Tag Archives: communication

Asking for Help

In my leadership program we’ve all been given the challenge of asking for help in the two months between retreats — to stretch out of our comfort zones and ask for assistance in situations where we might not normally be inclined to do that. And also to notice how we feel about asking for help as we do this.

One of the things I’ve discovered is that I’m terrible at asking for help. Interestingly, so are many of the other people in the class.  And the reasons are all strikingly similar…

We are having trouble asking for help because we don’t want to seem weak or vulnerable. We have pride in our competence, we don’t want to admit that we might need help.  We’ve been taught to be independent and that there is shame in being needy.  We don’t want to be a bother to others or we believe ourselves unworthy of being helped by others.  We don’t want to take their valuable time or think we might be asking for too much. We may worry about rejection. We hire help, but we often won’t ask for it from the people closest to us. And sometimes we just don’t know what to ask for.

A 2008 study found that people routinely underestimate by 50% others’ willingness to help them.  In short, people are more likely to say yes to requests for assistance than we think they are.

I’m trying to remember that asking for help can be good for me and for the person I’m asking.  Asking for help creates connections and broadens possibilities.  I might learn something completely new or experience a new perspective. And asking for help gets easier with practice.

I’d welcome your thoughts on asking for help… it is easy or hard for you and why? Do you have any good resources on asking for help?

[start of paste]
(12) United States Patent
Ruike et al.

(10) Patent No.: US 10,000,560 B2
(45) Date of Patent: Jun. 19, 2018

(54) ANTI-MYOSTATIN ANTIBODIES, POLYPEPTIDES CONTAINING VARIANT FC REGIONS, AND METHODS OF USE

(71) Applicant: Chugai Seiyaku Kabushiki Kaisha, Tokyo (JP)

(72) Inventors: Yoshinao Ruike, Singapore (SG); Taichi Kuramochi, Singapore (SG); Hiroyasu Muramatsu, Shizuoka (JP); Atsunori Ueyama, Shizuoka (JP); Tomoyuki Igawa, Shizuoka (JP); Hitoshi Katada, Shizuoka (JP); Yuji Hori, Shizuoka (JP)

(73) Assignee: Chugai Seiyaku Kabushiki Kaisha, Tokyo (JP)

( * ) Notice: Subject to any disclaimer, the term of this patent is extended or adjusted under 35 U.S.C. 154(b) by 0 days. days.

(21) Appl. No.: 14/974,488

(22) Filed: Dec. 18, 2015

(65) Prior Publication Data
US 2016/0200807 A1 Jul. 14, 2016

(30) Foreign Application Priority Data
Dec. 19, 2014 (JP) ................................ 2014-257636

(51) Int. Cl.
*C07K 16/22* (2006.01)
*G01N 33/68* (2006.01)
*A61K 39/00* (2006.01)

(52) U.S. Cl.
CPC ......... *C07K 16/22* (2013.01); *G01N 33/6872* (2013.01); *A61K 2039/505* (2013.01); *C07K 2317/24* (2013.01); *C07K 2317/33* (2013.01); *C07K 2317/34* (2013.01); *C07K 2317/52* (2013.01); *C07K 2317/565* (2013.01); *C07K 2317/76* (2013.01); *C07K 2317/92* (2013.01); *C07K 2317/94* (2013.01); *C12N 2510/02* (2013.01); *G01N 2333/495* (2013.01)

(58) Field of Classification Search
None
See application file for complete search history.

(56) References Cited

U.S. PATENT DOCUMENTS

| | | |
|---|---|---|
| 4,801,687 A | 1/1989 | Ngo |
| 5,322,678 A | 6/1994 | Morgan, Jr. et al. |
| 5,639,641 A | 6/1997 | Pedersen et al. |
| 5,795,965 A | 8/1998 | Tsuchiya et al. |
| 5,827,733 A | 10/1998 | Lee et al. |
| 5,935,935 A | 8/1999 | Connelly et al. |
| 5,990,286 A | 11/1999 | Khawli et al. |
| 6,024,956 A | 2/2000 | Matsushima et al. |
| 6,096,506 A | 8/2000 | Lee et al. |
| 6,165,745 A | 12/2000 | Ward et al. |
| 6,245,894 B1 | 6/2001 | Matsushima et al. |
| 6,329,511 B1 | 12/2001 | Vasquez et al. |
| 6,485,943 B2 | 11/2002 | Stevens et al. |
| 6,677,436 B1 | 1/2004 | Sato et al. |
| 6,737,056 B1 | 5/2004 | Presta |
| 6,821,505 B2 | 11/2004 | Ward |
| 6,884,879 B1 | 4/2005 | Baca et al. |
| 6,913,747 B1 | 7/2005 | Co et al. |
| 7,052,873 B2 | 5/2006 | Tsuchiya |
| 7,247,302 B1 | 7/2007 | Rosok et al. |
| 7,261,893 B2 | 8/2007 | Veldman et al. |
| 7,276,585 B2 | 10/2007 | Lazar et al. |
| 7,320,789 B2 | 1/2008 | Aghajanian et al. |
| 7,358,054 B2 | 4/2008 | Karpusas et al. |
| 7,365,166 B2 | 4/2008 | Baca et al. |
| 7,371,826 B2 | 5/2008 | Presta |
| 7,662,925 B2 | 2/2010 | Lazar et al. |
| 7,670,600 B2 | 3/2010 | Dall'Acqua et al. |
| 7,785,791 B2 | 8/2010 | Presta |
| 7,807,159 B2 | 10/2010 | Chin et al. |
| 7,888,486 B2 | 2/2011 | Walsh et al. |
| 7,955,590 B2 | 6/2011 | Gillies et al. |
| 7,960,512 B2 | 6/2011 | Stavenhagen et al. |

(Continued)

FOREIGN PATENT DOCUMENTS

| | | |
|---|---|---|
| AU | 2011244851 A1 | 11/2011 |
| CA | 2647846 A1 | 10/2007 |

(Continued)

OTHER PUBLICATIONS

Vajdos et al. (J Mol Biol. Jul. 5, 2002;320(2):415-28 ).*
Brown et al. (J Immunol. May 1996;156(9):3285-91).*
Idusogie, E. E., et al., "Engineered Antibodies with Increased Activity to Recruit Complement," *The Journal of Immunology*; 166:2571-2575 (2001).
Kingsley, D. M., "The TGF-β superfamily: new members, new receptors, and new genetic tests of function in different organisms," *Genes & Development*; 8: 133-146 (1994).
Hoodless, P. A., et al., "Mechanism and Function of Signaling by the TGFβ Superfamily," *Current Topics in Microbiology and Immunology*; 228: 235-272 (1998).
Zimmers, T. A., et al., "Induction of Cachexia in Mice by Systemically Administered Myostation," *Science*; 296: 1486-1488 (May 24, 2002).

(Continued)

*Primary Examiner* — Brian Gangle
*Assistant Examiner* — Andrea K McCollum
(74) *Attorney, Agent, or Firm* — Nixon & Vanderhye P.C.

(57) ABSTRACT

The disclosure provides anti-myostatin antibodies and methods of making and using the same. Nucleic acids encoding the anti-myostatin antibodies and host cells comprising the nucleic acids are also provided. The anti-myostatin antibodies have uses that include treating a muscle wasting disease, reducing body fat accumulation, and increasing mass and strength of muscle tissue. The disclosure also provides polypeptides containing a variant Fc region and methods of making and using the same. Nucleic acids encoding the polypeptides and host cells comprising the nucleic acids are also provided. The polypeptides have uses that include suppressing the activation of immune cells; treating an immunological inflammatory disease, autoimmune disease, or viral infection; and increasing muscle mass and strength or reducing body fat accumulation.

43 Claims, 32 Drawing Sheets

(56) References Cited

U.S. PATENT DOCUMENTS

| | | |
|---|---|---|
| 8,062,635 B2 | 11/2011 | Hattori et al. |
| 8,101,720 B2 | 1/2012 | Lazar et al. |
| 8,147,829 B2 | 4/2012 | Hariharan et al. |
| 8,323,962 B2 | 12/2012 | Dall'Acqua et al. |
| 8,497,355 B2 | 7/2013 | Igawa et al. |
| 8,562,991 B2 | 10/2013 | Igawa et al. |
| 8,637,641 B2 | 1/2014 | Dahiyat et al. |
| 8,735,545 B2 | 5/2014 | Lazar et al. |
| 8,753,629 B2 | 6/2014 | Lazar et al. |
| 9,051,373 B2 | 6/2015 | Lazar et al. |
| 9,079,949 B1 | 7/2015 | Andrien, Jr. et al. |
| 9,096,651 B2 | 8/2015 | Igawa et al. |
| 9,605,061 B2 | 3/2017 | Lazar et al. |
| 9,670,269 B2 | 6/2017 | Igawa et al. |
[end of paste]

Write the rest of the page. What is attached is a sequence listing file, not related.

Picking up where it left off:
An Invitation to Re-examine ‘Busy’

busy

I read a thought-provoking post on the subject of busyness recently that got me reflecting about this subject a bit.

Everyone seems to be “busy” lately. In fact, it seems to have become the “go to” answer to the perennial question “how are you?”  “Busy,” we say, to anyone that will listen. We’re really, really, busy — crazy busy in fact. We’ve got lists, demands, obligations, expectations and we’re never done with them. We’re important because we’re busy. And we’re needed. We’re so busy that we’re stressed and tired and never have enough hours in the day to get everything done.

I don’t know that many of us have thought about the impact of this one word on ourselves and on others. In addition to projecting self-importance, “busy” accomplishes a number of things. “Busy” sets up a wall between people that’s hard to get past. When someone tells you they are “busy” it sends the message not so subtly “don’t ask me for anything” or “don’t make any demands on me.”  “Busy” keeps friends and colleagues at arm’s length and says “I really can’t be here for you right now.”  It minimizes the opportunity for connection. “Busy” is also a bit dismissive and vague. How different would it be to say,”I’m great and I’m working on some really interesting projects right now.”  That’s a conversation starter — whereas “busy” tends to block further inquiry.